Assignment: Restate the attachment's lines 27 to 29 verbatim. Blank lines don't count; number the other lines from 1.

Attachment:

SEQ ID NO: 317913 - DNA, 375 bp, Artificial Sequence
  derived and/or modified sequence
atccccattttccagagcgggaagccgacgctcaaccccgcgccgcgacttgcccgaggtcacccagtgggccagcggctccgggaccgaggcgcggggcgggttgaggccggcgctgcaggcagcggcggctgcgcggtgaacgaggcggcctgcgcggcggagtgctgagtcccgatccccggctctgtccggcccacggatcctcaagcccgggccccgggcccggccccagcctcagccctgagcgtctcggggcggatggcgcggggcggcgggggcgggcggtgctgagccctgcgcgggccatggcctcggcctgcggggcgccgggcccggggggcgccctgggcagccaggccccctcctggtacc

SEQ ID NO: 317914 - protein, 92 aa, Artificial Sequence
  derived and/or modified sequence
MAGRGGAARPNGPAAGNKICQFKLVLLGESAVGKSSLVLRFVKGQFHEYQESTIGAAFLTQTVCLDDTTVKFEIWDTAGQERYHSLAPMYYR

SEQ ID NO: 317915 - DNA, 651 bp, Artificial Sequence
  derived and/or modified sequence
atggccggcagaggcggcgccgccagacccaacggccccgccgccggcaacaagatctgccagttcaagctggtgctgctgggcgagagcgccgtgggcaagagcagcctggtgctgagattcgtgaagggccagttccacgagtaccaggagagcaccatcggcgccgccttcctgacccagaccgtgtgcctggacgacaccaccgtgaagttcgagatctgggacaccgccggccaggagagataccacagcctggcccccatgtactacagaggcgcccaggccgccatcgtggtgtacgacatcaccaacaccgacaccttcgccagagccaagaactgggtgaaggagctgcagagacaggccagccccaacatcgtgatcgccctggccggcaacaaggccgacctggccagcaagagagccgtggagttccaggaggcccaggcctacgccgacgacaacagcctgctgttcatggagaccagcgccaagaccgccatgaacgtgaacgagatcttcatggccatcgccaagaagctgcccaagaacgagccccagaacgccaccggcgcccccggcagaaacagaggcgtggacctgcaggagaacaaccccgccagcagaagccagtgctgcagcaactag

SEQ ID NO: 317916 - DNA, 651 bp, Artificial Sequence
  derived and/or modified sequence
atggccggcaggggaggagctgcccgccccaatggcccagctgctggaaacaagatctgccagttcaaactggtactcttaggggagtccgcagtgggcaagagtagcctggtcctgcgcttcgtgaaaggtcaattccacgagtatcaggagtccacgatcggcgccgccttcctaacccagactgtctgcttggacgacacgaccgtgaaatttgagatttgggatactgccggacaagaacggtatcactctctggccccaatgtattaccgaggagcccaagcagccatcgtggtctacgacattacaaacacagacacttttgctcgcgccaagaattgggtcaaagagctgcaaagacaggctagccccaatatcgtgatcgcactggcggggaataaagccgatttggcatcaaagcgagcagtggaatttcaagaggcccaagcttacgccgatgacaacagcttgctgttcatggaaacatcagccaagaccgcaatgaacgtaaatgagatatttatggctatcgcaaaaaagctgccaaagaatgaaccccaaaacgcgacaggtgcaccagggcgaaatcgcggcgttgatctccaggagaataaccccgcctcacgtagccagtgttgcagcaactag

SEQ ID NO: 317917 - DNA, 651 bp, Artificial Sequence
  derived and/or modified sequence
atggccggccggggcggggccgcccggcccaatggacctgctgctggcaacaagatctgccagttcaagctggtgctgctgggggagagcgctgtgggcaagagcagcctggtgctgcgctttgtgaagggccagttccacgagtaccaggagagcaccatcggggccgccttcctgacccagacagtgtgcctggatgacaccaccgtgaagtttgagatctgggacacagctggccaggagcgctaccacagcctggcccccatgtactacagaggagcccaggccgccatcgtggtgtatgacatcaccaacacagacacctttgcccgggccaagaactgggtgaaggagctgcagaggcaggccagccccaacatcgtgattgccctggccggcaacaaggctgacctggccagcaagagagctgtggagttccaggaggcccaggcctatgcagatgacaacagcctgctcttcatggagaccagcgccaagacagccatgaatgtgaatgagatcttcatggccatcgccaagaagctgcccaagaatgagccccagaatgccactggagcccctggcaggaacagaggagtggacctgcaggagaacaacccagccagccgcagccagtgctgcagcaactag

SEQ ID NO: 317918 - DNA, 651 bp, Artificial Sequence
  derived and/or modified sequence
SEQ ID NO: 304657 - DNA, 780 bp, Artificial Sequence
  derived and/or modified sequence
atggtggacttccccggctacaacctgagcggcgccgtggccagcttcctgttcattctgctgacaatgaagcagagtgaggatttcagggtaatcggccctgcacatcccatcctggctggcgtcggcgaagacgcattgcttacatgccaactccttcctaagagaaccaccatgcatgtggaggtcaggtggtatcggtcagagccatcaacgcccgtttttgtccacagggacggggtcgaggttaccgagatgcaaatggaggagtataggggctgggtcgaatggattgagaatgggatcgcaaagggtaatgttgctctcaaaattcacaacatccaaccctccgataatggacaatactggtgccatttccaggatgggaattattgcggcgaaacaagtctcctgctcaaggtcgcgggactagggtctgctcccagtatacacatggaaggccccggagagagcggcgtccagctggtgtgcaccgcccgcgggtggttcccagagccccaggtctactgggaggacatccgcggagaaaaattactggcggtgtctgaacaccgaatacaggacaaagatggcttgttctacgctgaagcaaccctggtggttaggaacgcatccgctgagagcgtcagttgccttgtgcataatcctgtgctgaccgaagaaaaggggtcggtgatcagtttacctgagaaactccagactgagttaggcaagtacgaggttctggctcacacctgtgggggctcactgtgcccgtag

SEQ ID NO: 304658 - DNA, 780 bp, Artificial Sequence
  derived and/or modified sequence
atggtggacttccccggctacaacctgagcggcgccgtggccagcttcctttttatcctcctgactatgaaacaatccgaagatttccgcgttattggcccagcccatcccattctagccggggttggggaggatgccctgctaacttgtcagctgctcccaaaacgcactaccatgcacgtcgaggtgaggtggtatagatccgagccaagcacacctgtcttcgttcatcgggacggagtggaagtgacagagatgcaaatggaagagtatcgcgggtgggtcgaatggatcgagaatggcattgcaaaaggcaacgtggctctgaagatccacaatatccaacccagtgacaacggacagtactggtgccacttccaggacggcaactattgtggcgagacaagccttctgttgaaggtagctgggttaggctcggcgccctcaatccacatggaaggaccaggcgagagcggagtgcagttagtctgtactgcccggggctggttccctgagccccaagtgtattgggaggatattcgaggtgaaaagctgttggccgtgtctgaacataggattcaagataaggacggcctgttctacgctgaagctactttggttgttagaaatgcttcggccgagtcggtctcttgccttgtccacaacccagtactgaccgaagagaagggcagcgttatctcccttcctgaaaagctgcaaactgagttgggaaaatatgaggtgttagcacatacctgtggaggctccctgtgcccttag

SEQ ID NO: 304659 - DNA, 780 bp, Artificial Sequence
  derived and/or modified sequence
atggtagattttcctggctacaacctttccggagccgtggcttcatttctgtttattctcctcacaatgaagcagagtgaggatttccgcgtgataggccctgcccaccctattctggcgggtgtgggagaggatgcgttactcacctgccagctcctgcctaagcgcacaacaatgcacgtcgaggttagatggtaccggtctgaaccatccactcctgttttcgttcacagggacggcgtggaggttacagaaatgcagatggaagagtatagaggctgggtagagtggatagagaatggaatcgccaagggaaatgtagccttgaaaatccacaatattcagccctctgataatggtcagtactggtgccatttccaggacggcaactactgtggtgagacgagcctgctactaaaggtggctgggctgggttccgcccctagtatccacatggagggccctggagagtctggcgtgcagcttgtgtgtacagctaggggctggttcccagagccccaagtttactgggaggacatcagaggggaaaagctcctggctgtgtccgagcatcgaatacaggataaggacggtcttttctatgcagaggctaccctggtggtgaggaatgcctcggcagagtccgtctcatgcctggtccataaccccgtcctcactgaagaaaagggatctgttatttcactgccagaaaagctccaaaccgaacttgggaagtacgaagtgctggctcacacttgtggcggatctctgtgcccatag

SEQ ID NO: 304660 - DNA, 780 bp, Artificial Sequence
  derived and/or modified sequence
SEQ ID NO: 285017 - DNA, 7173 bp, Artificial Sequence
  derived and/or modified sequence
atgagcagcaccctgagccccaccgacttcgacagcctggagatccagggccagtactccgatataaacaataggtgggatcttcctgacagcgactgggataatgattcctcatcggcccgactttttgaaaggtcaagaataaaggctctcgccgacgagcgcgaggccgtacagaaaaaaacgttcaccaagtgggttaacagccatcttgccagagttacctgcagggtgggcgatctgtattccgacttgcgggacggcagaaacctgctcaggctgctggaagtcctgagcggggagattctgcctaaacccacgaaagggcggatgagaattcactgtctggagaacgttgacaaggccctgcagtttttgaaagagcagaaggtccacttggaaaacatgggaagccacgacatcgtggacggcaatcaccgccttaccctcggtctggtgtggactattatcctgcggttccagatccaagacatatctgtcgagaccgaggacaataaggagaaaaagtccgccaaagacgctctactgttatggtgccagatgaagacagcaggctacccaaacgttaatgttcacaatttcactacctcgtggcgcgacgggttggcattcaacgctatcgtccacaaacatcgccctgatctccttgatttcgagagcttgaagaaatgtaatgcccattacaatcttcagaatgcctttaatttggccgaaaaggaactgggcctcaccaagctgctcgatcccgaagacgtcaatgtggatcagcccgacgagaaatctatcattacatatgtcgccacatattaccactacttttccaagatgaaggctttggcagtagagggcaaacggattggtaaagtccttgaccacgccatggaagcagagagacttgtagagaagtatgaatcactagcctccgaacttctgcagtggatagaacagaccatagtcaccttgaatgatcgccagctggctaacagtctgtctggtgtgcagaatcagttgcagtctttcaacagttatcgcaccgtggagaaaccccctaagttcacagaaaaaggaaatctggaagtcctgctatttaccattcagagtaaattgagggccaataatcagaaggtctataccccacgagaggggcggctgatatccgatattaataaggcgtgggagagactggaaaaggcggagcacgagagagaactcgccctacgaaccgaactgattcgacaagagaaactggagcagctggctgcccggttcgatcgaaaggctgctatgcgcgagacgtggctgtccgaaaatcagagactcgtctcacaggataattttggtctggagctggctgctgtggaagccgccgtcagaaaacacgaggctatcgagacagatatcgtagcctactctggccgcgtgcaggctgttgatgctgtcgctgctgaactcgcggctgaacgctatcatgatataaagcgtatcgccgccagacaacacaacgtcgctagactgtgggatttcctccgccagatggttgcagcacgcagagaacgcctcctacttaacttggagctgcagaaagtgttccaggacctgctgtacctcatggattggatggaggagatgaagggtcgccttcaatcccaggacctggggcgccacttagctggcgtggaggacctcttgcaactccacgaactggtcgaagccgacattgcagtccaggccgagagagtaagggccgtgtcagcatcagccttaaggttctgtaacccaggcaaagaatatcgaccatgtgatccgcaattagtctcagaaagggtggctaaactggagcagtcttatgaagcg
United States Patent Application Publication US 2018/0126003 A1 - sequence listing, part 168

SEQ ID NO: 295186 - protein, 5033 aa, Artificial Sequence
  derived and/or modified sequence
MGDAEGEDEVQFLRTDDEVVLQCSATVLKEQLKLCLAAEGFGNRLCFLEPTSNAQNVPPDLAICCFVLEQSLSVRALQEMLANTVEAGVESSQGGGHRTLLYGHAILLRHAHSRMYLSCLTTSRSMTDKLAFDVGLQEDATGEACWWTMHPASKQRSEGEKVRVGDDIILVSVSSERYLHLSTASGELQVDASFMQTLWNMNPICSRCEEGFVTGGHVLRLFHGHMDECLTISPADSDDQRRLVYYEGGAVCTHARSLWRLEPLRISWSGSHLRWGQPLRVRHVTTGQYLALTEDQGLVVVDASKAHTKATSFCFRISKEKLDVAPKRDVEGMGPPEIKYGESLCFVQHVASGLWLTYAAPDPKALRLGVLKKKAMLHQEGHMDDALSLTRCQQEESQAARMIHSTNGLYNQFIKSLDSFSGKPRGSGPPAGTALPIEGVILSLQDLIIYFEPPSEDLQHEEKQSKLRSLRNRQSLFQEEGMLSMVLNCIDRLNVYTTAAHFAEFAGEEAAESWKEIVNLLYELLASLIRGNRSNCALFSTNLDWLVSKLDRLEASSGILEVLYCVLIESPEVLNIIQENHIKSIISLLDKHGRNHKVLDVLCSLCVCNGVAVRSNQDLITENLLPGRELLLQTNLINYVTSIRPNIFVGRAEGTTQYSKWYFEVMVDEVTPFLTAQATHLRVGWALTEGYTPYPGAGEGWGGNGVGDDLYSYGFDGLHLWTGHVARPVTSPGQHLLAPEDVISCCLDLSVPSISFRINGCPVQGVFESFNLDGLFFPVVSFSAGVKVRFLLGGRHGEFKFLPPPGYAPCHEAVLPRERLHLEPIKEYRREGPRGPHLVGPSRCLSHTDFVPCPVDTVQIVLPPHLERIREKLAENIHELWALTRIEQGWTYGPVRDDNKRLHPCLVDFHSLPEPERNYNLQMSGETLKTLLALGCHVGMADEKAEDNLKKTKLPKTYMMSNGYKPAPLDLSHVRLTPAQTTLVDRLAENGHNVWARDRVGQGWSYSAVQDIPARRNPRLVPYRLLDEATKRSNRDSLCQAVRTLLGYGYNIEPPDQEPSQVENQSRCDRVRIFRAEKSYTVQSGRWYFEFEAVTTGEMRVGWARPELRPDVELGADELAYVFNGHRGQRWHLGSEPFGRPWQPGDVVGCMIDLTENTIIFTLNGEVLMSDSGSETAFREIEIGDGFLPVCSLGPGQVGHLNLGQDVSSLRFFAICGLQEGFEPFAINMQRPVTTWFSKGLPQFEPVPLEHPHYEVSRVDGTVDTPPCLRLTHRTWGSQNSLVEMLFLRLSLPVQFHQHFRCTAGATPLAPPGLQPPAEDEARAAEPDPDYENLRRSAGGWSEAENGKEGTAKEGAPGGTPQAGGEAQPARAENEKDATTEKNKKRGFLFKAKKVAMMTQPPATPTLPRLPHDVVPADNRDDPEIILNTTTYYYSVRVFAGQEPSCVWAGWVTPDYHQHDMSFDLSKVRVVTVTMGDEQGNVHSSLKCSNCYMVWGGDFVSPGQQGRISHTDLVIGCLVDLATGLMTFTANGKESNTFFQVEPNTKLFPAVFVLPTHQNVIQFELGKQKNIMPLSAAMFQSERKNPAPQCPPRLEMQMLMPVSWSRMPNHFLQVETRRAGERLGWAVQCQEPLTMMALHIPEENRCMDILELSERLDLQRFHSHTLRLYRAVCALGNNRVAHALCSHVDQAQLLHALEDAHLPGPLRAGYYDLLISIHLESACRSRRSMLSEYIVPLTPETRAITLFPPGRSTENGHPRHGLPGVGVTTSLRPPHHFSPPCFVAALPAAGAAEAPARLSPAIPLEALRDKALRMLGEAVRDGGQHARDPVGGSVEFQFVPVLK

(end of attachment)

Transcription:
SEQ ID NO: 304660 - DNA, 780 bp, Artificial Sequence
  derived and/or modified sequence
SEQ ID NO: 285017 - DNA, 7173 bp, Artificial Sequence